Christopher Bushell, V.C., D.S.O.

 by Ian L. Norris

As a consequence of distinguished military service during WW1, two ‘local’ men were awarded the Victoria Cross – Christopher Bushell and William La Touche Congreve.

No one from Heswall or other adjacent communities gained this honour

Early Years

Christopher Bushell was born at Neston on 31 October 1887 (not 1888 as often reported), the son of Reginald and Caroline Bushell of Hinderton Lodge , a large house which lay close to Hinderton Road in the vicinity of Cedar Grove but which was demolished some years ago.

Reginald Bushell, the eldest son of Liverpool wine merchant Christopher Bushell of Hinderton Lodge, married Caroline Hope in Kensington in April / June 1883 and Arthur Reginald, their first child, was baptised at Neston on 29 August 1884. Lilian Hope Bushell was baptised at Neston on 4 September 1885; Reginald was described as being a merchant and, somewhat strangely, their address was recorded as Oakhill, Neston.

Christopher Bushell jnr was their third and last child.

1891 census (extract) – Hinderton Lodge, Neston
Reginald Bushell               48                           wine merchant                                     born Liverpool

Caroline                               35                                                                                           born Liverpool

Arthur R.                              6                                                                                            born Neston

Lilian Hope                          5                                                                                            born Neston

Christopher                         3                                                                                             born Neston

Four servants are also recorded in the house.

Reginald was a partner in the family business, founded by his father, Bushell Brothers and Co, Wine Merchants and Shippers of Castle Street, Liverpool. He was also a member of the Mersey Docks and Harbour Board and a JP for Cheshire.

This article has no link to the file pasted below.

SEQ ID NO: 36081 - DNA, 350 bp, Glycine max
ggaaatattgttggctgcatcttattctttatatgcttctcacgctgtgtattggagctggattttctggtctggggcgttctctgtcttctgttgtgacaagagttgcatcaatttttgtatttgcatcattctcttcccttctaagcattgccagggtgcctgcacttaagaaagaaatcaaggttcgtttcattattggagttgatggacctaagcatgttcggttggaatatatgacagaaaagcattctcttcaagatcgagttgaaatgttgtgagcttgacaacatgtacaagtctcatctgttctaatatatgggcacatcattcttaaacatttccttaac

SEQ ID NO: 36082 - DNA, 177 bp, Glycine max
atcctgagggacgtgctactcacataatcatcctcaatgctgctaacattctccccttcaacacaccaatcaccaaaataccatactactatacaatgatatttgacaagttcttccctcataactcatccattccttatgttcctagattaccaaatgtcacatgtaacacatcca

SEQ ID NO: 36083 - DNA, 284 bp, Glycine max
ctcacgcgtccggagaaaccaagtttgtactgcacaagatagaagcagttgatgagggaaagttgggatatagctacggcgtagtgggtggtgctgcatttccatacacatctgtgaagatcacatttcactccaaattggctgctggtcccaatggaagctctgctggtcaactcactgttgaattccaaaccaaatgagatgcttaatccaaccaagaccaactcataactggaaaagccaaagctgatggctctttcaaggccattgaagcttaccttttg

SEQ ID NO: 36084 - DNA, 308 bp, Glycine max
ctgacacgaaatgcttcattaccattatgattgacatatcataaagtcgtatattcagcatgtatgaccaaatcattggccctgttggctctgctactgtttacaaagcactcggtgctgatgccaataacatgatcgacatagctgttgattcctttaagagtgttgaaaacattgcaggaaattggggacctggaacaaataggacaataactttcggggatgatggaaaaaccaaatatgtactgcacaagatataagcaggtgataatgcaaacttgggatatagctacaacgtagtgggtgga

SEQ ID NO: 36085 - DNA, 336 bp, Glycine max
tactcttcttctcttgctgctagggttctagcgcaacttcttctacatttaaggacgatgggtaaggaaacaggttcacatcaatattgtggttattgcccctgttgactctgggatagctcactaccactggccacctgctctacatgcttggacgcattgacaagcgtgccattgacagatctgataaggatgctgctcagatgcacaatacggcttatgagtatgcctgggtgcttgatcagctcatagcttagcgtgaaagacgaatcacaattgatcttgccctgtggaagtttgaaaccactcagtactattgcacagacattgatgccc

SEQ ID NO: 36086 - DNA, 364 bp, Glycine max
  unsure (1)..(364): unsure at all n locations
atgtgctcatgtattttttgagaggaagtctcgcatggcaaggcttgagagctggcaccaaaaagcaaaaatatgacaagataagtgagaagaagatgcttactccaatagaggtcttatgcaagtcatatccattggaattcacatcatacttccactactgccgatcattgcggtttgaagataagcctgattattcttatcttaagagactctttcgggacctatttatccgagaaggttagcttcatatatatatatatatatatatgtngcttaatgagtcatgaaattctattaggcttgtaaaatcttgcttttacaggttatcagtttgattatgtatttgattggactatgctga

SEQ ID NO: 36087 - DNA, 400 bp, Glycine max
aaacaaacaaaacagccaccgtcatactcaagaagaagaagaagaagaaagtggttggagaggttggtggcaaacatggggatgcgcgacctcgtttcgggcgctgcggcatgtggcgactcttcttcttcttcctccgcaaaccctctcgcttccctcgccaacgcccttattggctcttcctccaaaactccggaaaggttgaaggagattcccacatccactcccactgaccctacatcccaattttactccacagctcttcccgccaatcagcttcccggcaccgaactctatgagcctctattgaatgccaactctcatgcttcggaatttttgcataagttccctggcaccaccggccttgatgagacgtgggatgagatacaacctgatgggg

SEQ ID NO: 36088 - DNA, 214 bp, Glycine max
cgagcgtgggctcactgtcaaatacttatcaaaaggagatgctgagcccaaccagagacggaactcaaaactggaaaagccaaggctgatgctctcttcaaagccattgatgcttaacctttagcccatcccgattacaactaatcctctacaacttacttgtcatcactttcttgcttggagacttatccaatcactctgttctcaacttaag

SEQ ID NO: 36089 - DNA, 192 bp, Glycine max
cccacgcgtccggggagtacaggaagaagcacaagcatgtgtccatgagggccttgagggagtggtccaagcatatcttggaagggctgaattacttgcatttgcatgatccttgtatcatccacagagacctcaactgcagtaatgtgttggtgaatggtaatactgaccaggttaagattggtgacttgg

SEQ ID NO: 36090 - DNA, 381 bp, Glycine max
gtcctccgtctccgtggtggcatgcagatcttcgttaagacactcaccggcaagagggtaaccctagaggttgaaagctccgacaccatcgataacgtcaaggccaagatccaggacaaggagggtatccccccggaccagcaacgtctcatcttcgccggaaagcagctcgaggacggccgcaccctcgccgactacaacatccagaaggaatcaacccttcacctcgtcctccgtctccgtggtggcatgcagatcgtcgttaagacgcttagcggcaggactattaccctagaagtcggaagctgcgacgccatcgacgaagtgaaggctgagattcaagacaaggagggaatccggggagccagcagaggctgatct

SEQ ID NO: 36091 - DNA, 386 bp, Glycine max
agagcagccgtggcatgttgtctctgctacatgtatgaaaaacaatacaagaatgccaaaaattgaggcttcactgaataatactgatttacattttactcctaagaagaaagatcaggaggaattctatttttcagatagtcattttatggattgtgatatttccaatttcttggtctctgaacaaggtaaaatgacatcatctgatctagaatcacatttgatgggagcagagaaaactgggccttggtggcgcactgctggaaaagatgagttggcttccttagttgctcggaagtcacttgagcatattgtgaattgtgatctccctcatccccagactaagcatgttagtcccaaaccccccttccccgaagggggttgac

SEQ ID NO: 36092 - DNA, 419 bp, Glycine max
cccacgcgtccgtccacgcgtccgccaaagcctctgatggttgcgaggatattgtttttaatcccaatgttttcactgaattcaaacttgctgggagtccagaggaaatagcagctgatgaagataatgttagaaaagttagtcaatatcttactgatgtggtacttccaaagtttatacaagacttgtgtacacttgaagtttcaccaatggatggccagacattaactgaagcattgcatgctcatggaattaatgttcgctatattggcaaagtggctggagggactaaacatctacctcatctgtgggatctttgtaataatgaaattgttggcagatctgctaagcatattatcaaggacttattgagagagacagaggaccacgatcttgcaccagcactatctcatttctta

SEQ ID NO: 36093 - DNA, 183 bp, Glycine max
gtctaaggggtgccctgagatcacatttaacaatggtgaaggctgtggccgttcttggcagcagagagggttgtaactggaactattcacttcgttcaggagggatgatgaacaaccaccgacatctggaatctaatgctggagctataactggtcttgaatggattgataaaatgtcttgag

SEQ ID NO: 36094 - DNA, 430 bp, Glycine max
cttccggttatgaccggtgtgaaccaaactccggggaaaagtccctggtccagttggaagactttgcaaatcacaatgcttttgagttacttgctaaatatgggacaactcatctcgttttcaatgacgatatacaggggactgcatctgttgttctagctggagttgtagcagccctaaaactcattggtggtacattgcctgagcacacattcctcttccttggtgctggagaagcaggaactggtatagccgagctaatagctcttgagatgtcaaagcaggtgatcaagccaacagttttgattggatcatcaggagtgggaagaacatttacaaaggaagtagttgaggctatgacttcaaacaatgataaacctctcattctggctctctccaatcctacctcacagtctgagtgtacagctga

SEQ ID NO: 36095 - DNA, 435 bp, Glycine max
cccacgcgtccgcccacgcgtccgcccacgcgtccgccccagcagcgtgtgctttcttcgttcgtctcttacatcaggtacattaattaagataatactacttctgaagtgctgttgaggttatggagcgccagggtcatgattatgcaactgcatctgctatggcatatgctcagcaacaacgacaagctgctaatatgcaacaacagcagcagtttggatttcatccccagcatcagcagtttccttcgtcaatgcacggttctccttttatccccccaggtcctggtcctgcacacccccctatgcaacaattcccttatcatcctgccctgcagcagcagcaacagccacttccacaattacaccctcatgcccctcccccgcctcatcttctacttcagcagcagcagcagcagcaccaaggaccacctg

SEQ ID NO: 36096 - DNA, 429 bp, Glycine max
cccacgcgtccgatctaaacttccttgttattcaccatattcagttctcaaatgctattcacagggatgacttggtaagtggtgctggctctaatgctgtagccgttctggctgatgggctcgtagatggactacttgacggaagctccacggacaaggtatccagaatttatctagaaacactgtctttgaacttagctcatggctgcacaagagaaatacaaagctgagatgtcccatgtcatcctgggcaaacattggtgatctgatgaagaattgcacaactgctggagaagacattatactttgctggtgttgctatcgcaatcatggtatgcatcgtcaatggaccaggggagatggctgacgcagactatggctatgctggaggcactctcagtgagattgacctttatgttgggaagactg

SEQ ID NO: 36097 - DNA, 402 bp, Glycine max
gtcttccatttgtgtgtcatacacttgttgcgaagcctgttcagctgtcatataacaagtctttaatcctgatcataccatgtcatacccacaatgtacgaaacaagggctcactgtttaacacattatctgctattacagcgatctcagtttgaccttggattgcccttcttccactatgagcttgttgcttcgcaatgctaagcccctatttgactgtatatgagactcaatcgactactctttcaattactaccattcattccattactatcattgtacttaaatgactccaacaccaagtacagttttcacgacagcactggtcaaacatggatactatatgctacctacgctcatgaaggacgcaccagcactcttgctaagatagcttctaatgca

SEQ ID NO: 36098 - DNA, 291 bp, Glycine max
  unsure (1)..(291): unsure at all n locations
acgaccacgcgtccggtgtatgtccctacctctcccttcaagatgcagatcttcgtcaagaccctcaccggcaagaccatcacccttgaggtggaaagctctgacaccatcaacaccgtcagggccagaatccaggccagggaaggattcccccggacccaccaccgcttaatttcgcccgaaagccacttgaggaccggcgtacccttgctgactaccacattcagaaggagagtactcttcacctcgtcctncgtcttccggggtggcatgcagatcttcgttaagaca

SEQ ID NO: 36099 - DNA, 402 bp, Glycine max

At the time of the 1901 census Christopher, 12, was at the Colledge (sic) Boarding School in Heswall:

Census 1901 Extract

Census 1901 Extract

Located on Hillside Road, previously known as College Road, the preparatory boarding school (often called Dobie’s College) was based in Moorland House (also now demolished) and run by Leonard Dobie and his sister ‘for the education of the sons of gentlemen’.
At the time of the 1901 census Arthur (16), Christopher’s brother, was at School House, Malvern College, and his parents and sister were at Hinderton Lodge.

Christopher left Dobie’s College in the summer of 1901 and, later in the year, moved to Rugby School where he was educated until 1906 and was actively involved in many sports, particularly rugby, with the Notting Dale Club.

Reginald Bushell, Christopher’s father (born 18 August 1842) died at Hinderton Lodge on 11 November 1904, aged 62, and was buried at the parish church on 15 November.

Following his death the family moved from Hinderton Lodge to their London property, 59 Kensington Court, Knightsbridge and Caroline bought another house, Hillside, Granville Road, St Margarets-at-Cliffe, near Dover, Kent. From this time the family seem to have divided their time between the two addresses.

In 1906, on leaving Rugby, Christopher went to Corpus Christi College, Oxford, to read Modern History in which, in 1909, he gained a 3rd Class BA. At Oxford he was active in the Boat Club (where he was the Secretary and Captain, and took part in the Henley Regatta) and in Owlets, one of the oldest university drama societies in Oxford, of which he was both Secretary and President.

On leaving Oxford Christopher moved to a Solicitor’s office in Liverpool and was called to the Bar, Inner Temple, in 1911. He was in chambers at 2 New Square, Lincolns Inn, London and resided at his mother’s Knightsbridge home where he was recorded as a law student at the time of the 1911 census:

Christopher Bushell 1911 Census

On 17 November 1911 Christopher was called to the bar as a qualified barrister but, rather than embarking on a career in the legal profession, decided to join the army.

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